Summit Daily letters: Fighting against the fear-mongerers (column) |

Summit Daily letters: Fighting against the fear-mongerers (column)

Fighting against the fear-mongerers

Well, let’s see if we can’t get ahead of Morgan Liddick’s frightening offering for this week; for surely he will regale us with another horror story about how the world will come to an end if Hillary Clinton becomes our forty-fifth president.

Let’s begin with Jimmy Carter. He was a bright man, a graduate of the United States Naval Academy; but, he was a flop of a leader in foreign affairs. He had been the governor of Georgia, but he was ill-prepared to deal with nefarious governments like Iran that, in the latter part of his presidency, held captive and tortured fifty two Americans for four hundred and forty four days. Although he made a lame attempt at a rescue mission, he failed to move the Iranians from humiliating our country. It was only after Ronald Reagan was inaugurated that the Khomeini regime released its hostages.

Along those same lines, Barack Obama’s Middle East policies have been misguided. He was altogether too anxious and eager to complete a dubious, nuclear deal with the Iranians. Here is another president who, acting on principles that are fundamentally peace-seeking and decent, has failed to maintain America’s stature in the wily and complicated realm of foreign affairs. The terrible example of his drawing a red line on Syrian chemical weapons (A supply of which, including sarin, many still believe Assad possesses) and then backing away from enforcing it told the world that America was a paper tiger. It’s something no country can do, especially in a region like the Middle East, which fundamentally only respects demonstrated power.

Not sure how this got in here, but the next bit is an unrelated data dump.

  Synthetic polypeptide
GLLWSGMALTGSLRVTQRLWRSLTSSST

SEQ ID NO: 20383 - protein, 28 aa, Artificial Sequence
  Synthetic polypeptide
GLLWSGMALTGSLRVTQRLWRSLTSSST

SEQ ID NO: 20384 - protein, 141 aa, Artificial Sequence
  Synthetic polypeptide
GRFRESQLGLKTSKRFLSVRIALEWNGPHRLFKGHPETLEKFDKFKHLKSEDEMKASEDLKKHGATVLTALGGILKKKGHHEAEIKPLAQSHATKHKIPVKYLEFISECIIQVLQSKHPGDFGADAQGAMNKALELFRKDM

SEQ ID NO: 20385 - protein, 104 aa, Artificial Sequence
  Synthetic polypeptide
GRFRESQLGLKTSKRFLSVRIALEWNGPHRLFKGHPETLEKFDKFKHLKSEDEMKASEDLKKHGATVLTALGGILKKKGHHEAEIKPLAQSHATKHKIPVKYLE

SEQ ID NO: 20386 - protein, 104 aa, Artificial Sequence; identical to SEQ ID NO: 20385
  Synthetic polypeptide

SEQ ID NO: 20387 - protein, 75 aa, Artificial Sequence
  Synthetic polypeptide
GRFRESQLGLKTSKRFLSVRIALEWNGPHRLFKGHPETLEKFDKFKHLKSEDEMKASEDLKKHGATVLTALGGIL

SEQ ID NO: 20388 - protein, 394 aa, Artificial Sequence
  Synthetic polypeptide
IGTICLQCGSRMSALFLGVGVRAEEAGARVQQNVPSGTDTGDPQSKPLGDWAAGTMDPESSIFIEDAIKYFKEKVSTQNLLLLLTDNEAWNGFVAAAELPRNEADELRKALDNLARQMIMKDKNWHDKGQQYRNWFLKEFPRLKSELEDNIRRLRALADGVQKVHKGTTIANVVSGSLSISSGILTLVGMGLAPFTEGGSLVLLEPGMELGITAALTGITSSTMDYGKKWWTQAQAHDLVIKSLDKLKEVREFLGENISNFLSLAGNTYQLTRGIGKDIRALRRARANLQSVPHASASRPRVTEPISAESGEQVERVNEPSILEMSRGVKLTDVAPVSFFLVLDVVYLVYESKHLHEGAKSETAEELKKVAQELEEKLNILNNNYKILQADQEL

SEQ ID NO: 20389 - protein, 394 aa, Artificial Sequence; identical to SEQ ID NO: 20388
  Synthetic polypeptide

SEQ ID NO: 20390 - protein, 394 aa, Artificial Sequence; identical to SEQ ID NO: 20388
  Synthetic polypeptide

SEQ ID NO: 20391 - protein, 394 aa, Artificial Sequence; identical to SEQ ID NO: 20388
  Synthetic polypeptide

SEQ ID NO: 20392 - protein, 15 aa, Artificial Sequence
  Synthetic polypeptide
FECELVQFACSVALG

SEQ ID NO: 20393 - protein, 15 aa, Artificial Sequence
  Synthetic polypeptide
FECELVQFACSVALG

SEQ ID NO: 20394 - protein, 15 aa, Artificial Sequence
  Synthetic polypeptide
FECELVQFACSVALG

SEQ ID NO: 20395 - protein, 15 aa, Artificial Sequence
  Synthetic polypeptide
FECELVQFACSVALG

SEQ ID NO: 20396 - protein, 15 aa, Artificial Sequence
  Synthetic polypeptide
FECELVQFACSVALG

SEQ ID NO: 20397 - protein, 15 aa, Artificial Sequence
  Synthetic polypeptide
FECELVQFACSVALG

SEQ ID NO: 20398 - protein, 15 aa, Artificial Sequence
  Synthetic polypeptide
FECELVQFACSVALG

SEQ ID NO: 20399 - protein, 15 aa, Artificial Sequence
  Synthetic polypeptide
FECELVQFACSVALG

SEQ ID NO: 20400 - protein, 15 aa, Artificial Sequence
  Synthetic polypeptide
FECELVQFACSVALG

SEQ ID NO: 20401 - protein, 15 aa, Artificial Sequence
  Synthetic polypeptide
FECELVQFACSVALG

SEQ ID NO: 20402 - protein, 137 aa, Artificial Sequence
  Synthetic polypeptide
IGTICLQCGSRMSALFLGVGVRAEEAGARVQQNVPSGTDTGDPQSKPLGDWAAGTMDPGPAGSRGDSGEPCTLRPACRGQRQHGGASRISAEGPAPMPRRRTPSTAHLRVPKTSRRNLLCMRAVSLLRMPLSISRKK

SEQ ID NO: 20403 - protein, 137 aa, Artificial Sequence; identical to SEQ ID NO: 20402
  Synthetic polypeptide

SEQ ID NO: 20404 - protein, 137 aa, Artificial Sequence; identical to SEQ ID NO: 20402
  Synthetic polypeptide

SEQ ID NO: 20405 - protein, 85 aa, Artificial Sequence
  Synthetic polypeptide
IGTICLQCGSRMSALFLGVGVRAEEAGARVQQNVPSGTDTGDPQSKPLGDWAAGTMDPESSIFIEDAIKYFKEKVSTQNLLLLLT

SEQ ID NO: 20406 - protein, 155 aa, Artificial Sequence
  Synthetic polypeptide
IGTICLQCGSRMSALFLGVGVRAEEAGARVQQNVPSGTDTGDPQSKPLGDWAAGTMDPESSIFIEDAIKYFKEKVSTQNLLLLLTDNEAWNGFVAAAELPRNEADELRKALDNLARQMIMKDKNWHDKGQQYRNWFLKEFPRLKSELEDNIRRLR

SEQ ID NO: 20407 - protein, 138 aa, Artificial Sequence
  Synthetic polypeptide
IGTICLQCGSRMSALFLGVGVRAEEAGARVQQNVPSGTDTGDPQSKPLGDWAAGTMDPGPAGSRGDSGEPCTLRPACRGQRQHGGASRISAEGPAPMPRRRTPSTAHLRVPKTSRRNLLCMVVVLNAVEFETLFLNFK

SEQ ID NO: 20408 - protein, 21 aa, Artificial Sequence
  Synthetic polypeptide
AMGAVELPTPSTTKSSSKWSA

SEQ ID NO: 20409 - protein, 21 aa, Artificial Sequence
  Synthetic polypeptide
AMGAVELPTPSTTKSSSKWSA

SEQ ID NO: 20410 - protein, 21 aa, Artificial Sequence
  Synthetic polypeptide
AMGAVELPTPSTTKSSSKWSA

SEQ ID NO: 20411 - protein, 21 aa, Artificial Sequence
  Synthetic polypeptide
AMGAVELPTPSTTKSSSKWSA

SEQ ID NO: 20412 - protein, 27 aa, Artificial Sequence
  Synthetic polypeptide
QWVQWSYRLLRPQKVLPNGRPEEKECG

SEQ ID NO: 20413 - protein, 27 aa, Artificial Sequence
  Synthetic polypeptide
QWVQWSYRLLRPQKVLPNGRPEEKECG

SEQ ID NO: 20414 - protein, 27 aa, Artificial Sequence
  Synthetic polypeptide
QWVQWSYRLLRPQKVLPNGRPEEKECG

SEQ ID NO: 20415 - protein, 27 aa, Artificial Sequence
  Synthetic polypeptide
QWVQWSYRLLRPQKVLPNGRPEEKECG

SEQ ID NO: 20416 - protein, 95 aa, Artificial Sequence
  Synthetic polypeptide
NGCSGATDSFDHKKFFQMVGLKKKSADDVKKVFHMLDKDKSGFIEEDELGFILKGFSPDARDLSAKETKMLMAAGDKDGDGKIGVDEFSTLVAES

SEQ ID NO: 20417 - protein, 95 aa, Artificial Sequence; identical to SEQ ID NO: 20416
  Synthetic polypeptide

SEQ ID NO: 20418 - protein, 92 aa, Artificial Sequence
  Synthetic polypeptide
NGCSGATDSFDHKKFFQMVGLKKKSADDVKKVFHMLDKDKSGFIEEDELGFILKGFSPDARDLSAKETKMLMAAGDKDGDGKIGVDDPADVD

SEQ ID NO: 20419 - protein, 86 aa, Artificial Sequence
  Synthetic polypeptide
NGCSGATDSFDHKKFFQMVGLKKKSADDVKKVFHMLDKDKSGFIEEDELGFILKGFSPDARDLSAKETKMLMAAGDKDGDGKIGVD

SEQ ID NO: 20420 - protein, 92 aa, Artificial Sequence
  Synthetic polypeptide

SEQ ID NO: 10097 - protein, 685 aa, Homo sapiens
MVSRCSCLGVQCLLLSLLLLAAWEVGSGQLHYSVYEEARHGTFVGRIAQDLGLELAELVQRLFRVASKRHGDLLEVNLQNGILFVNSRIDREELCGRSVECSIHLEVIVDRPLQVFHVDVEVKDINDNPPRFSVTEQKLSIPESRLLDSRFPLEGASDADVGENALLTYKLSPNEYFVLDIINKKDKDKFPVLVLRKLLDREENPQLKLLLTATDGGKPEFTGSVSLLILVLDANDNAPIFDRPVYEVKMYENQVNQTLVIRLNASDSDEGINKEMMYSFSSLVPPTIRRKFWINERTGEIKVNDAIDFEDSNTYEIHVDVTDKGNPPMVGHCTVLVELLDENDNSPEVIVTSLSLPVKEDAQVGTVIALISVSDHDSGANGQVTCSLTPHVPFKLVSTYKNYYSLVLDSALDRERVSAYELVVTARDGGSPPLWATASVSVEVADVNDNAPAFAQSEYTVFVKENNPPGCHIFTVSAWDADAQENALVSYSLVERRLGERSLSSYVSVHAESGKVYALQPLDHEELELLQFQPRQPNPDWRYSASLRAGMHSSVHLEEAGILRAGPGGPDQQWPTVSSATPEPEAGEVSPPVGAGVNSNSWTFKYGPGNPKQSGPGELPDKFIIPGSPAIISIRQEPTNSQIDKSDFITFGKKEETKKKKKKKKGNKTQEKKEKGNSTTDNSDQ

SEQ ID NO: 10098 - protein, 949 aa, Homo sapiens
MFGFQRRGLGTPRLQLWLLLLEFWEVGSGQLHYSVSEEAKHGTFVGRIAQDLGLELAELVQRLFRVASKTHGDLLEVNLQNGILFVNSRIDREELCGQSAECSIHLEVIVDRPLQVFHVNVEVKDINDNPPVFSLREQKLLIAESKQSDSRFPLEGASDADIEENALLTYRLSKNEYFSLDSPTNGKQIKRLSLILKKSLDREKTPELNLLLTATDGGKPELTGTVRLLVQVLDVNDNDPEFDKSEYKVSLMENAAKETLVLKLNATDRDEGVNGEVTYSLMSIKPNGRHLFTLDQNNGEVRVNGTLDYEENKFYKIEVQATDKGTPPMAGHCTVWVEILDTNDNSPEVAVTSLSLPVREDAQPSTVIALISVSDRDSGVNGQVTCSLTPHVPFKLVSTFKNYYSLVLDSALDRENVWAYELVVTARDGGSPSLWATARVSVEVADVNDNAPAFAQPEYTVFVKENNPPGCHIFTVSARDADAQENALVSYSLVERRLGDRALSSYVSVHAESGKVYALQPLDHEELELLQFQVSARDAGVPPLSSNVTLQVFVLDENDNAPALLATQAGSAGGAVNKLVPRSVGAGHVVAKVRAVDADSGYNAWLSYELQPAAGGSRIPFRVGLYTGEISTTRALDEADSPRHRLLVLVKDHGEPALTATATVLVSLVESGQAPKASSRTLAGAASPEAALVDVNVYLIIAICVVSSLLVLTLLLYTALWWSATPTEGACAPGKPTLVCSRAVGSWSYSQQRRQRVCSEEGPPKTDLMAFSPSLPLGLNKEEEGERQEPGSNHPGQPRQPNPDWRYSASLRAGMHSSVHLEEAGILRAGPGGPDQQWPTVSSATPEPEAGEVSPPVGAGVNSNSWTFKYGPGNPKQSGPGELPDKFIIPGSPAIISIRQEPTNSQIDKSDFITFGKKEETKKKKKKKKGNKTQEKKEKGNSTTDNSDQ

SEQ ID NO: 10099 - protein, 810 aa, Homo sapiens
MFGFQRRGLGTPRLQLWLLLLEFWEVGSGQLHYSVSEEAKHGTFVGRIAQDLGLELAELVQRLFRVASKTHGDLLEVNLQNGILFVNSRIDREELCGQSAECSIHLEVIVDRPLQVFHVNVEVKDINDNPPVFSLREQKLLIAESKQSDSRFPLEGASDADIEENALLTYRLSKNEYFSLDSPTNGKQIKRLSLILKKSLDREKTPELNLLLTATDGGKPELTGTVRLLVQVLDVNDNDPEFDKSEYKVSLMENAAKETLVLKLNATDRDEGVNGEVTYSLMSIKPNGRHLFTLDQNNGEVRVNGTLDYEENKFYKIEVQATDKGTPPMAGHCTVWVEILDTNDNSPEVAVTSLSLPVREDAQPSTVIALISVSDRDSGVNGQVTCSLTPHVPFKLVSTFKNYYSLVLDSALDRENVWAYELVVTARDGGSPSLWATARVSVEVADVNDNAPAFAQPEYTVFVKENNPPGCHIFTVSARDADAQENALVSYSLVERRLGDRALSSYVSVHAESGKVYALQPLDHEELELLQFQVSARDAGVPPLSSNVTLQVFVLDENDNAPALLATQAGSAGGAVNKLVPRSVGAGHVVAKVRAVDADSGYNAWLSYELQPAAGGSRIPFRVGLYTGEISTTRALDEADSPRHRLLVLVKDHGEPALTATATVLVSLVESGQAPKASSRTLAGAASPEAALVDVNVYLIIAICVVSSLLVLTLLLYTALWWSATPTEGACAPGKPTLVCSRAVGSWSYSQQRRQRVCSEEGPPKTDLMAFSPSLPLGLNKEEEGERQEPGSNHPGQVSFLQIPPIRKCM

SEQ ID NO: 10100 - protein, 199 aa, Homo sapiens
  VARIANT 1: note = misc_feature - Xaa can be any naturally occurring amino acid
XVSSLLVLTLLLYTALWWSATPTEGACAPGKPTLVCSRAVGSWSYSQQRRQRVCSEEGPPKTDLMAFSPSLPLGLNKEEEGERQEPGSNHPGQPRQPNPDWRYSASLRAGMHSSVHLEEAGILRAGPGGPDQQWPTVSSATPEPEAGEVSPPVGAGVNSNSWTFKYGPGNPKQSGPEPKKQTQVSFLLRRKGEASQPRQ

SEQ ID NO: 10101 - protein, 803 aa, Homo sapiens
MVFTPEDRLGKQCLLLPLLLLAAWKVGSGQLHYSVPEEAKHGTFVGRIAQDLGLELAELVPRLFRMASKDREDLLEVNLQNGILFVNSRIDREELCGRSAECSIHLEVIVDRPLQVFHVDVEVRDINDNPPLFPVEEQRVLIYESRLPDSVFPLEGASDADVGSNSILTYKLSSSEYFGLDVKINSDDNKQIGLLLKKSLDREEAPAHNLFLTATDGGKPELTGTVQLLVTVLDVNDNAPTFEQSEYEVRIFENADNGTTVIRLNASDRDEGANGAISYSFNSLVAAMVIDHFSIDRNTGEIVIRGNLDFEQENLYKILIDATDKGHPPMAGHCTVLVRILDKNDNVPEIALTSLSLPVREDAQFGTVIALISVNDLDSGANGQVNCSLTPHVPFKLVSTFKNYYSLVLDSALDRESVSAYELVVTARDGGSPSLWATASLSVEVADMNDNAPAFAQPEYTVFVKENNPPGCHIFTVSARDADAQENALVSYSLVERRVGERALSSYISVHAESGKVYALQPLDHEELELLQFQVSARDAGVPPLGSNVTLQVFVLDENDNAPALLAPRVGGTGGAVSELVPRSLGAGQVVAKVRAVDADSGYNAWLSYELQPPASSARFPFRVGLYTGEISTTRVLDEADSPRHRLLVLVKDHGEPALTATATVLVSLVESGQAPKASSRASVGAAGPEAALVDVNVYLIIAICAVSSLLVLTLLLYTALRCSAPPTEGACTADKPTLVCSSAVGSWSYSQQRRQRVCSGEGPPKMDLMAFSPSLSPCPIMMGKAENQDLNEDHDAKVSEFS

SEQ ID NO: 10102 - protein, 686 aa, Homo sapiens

Similarly, given his near total lack of experience in foreign policy, Donald Trump, ironically, probably would turn out to be another Jimmy Carter or Barack Obama. He has proven his naiveté in statements and pronouncements he has made regarding Vladimir Putin. He has asserted that he will make deals with Putin, a man who has proven to be an adversary in terms of his rape of Crimea, his invasive war on Ukraine, his ongoing threats to our Eastern European NATO allies and his introducing Russian forces into the Syrian conflict. This is not a man to be trusted. Nor is he going to roll over because “The Donald” smiles and winks at him.

Trump is dangerous on any number of levels, but the greatest danger he embodies is his braggadocios style. Pompous pronouncements and off-the-cuff pop-offs imperil foreign policy and demonstrate no understanding of or feel for realpolitik. Our allies reputedly are anxious over whether, in a Trump administration, the United States would honor its treaty commitments and its military alliances. Given his erratic and incendiary statements, they have every right to be nervous.

It is not a lame concern that such a man, filled with himself and with a history of walking away from his business commitments, would ignore his advisors and do something truly impulsive, thereby threatening us all with a nuclear showdown. (We can all extrapolate from this).